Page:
What’s Up with Drones? Our UAS Remote Pilots Explain
On Thursday, September 28, the NCDOT’s Division of Aviation Unmanned Aerial Systems (UAS) Program Office organized a free workshop for government and commercial drone operators to educate them on the benefits of drones and the steps needed to integrate them into project workflows. The all-day event took place the Cape Fear Community College North Campus in Castle Hayne, near Wilmington, NC. WithersRavenel’s FAA-certified UAS Remote Pilots Seth Swaim and Travis Howell took the mic to discuss “What’s Up with Drones?” In this 45-minute presentation, they touched on the regulations that govern the firm’s work and described the kind of projects where we have integrated drones, including 3D modeling and volumetric calculations.
They also took a deeper look at the work the firm has done for the North Carolina State Ports Authority at the Port of Wilmington and the Port of Morehead City. Using a DJI Matrice 100 and a Phantom 4 Pro, the team was able to obtain updated orthophotography, aerials, and site planimetrics and develop 3D models more quickly, affordably, and safely than conventional aerial photography or land surveying would allow.
Because the Port of Wilmington is the largest area WithersRavenel has flown and mapped to date at approximately 650 acres, the team took several steps to ensure that processing all that data went as smoothly as possible. Our UAS pilots determined launch and landing areas and established flight plans prior to arriving at the Port. We also established survey-grade ground control prior to flying in order to orthorectify the imagery and 3D models during post-processing. Finally, our GIS department worked with Port staff to develop and implement proper data storage and management strategies, empowering the staff with the information they need to make sound decisions.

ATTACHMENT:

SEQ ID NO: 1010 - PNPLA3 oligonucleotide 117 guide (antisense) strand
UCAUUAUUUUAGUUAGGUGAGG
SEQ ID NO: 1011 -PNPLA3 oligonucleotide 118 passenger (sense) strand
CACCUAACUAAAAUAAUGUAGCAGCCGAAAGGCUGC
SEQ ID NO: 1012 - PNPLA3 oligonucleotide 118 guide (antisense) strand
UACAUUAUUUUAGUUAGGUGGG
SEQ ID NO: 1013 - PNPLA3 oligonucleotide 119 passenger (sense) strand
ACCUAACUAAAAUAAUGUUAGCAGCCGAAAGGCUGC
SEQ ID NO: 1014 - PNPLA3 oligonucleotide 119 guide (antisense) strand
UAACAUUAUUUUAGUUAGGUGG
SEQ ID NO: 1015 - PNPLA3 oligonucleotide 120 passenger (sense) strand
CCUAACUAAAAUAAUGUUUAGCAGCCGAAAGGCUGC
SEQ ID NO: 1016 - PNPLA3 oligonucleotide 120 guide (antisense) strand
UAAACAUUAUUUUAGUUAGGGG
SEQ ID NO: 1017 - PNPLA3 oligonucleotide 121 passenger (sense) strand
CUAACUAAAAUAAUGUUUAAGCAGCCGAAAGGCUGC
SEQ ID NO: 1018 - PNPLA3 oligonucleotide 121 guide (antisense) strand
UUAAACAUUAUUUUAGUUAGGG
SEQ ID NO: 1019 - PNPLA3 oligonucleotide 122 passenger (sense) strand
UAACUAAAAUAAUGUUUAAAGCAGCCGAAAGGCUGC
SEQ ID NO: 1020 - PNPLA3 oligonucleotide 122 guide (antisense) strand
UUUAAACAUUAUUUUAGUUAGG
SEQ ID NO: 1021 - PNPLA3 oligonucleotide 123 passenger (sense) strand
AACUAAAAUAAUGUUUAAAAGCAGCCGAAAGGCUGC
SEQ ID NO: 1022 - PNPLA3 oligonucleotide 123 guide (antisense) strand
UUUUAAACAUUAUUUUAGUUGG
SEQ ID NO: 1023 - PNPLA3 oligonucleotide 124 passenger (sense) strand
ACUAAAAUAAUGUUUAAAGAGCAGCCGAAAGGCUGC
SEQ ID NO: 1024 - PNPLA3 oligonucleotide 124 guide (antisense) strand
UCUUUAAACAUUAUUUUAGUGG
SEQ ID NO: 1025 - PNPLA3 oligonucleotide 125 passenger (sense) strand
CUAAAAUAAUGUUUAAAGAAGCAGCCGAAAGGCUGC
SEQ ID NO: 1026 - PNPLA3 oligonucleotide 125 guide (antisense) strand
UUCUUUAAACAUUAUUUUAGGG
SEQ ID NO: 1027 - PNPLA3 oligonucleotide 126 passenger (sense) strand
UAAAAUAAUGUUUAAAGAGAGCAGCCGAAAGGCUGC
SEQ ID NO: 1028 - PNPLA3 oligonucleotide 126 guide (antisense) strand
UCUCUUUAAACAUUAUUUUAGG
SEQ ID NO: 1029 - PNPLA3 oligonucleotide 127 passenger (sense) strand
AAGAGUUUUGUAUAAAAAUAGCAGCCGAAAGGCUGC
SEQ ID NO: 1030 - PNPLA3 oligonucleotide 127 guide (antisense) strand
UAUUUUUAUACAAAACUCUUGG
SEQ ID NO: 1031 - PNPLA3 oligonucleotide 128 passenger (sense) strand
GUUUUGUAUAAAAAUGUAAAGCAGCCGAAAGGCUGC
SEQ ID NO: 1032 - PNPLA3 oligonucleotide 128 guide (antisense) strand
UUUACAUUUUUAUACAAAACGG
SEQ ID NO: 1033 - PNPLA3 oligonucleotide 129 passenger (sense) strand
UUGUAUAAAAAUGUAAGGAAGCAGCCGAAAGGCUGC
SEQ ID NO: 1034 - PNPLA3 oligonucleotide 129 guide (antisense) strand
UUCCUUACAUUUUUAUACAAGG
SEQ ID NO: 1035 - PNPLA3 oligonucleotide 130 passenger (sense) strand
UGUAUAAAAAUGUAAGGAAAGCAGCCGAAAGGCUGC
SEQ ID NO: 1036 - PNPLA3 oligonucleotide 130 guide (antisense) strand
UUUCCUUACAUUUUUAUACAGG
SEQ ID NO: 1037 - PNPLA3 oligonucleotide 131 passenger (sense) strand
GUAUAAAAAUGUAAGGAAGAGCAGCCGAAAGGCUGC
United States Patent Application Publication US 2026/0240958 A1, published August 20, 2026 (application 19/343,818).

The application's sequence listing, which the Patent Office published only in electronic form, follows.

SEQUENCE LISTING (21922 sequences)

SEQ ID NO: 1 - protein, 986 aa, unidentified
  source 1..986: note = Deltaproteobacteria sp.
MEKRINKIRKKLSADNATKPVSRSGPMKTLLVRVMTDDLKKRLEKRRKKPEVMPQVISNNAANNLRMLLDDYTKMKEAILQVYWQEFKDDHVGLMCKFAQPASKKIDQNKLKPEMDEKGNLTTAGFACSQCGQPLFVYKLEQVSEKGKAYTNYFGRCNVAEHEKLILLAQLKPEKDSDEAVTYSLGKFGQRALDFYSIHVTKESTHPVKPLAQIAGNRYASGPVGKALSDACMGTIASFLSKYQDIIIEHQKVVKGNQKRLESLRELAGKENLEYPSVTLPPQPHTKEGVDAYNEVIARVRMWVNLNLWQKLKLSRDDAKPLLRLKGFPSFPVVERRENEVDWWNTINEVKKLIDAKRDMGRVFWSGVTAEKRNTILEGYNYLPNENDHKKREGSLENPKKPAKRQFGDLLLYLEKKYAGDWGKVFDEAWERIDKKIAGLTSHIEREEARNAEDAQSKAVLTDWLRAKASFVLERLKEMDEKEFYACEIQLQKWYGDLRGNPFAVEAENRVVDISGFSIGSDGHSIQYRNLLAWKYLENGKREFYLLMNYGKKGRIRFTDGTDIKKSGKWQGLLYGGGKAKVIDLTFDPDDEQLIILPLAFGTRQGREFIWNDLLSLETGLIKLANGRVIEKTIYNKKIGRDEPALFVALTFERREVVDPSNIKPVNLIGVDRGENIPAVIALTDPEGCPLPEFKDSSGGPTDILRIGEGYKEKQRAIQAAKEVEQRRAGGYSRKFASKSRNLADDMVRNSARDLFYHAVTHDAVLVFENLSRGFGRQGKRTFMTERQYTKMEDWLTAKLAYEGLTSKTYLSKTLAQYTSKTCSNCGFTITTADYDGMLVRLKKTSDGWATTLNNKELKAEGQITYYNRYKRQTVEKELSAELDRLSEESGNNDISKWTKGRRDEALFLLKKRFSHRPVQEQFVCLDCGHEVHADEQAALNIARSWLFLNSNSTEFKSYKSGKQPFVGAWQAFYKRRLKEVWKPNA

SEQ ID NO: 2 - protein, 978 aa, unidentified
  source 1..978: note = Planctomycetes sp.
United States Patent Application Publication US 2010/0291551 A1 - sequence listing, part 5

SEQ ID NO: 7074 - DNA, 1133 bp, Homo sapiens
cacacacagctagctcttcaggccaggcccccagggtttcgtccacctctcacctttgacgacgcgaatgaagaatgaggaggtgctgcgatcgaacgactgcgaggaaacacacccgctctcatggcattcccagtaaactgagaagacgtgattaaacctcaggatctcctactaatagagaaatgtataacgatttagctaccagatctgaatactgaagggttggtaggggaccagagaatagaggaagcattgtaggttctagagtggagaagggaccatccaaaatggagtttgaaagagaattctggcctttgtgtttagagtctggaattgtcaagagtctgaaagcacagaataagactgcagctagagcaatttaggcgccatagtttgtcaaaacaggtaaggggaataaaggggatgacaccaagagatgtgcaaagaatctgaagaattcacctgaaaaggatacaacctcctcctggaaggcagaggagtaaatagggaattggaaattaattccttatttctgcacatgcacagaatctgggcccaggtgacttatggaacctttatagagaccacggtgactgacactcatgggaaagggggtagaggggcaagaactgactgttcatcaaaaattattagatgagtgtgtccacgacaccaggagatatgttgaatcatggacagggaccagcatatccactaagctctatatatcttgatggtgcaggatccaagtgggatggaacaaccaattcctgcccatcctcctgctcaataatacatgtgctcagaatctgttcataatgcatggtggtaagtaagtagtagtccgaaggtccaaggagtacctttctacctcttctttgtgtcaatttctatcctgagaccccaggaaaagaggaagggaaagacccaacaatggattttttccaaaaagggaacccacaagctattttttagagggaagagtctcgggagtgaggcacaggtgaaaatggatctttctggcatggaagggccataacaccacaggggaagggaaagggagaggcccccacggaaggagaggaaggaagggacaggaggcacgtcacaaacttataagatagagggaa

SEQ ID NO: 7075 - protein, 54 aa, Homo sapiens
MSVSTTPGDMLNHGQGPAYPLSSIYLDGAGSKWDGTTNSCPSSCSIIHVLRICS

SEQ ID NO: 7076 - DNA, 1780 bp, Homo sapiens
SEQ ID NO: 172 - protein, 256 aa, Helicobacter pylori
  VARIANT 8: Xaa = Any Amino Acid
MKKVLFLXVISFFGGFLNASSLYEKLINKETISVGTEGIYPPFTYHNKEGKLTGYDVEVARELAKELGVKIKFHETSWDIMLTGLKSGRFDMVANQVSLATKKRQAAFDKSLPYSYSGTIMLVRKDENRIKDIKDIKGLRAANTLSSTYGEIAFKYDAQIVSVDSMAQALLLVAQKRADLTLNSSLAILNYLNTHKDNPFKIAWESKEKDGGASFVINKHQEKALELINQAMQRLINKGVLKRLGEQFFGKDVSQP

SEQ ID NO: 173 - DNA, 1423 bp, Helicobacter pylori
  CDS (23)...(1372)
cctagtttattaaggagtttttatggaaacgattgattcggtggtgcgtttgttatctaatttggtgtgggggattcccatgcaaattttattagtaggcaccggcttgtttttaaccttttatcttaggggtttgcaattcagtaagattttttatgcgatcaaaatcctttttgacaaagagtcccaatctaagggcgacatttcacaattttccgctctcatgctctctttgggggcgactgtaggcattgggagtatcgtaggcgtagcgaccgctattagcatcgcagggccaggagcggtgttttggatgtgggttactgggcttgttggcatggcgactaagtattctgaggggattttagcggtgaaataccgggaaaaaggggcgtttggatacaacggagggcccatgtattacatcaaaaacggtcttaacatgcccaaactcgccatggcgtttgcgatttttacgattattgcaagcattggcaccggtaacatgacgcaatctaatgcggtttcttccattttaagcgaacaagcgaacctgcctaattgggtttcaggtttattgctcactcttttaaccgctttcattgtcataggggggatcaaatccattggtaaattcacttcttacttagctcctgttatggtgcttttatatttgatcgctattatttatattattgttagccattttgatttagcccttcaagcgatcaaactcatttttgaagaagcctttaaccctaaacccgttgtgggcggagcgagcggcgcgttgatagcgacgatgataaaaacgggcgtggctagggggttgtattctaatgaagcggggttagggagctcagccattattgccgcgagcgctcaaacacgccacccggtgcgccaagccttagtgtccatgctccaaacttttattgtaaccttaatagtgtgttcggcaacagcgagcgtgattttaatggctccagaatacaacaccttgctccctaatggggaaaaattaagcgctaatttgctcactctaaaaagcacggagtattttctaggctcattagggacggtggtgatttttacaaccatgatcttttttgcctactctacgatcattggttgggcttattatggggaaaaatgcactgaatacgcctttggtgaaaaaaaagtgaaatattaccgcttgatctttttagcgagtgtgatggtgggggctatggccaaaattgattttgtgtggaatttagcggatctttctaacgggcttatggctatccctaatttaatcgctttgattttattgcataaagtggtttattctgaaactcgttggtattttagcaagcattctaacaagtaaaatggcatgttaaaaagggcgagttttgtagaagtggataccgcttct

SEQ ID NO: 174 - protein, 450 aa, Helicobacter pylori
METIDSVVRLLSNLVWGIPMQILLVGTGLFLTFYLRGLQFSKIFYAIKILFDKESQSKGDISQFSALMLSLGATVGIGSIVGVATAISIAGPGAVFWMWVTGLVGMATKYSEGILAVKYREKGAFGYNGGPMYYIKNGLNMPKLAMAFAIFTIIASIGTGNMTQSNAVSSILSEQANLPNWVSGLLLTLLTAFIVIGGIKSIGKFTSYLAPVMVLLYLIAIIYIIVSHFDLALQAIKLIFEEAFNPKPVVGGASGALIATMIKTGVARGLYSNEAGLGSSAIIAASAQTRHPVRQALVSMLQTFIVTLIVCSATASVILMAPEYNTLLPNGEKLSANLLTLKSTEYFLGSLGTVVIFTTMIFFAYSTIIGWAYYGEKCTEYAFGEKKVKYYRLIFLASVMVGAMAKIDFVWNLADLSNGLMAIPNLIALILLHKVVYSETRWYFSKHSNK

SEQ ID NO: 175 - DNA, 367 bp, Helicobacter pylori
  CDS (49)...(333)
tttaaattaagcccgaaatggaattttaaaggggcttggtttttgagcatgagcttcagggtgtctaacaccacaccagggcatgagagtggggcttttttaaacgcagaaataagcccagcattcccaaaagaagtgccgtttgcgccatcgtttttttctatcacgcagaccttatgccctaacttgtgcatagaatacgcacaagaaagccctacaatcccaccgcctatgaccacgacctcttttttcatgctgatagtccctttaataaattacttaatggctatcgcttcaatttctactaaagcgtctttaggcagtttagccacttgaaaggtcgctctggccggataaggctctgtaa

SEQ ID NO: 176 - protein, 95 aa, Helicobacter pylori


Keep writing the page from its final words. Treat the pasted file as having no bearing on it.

With such a large project, many attendees were curious whether any of WithersRavenel’s UAS Remote Pilots have had a near miss while flying. We are proud to report that we have had no incidents, due in large part to the fact that we use a “buddy system” when working on large projects or in areas where there is a possibility of manned aircraft entering adjacent airspace. The pilot is responsible for keeping their eyes on the UAS at all times, in accordance with line-of-sight regulations, and ensure flight logistics occur as planned. A visual observer supports the pilot by monitoring the project site and identifying any obstacles that may present themselves, including stationary objects, large birds, low-flying helicopters, or private planes. When more than one person on site understands airspace regulations and can assist flight operations, overall safety and the quality of deliverables improve.
Other presenters summarized the changes in federal and state regulations and described other practical applications of drones, including emergency response efforts, data management, and safety efforts. About 150 people attended the event, the third in a series of workshops the NCDOT is hosting across the state. The next event is scheduled for Thursday, October 12, in Thomasville. The NCDOT is also planning a larger, two-day event in Raleigh early 2018 as the culmination of the series. We hope to see you there!
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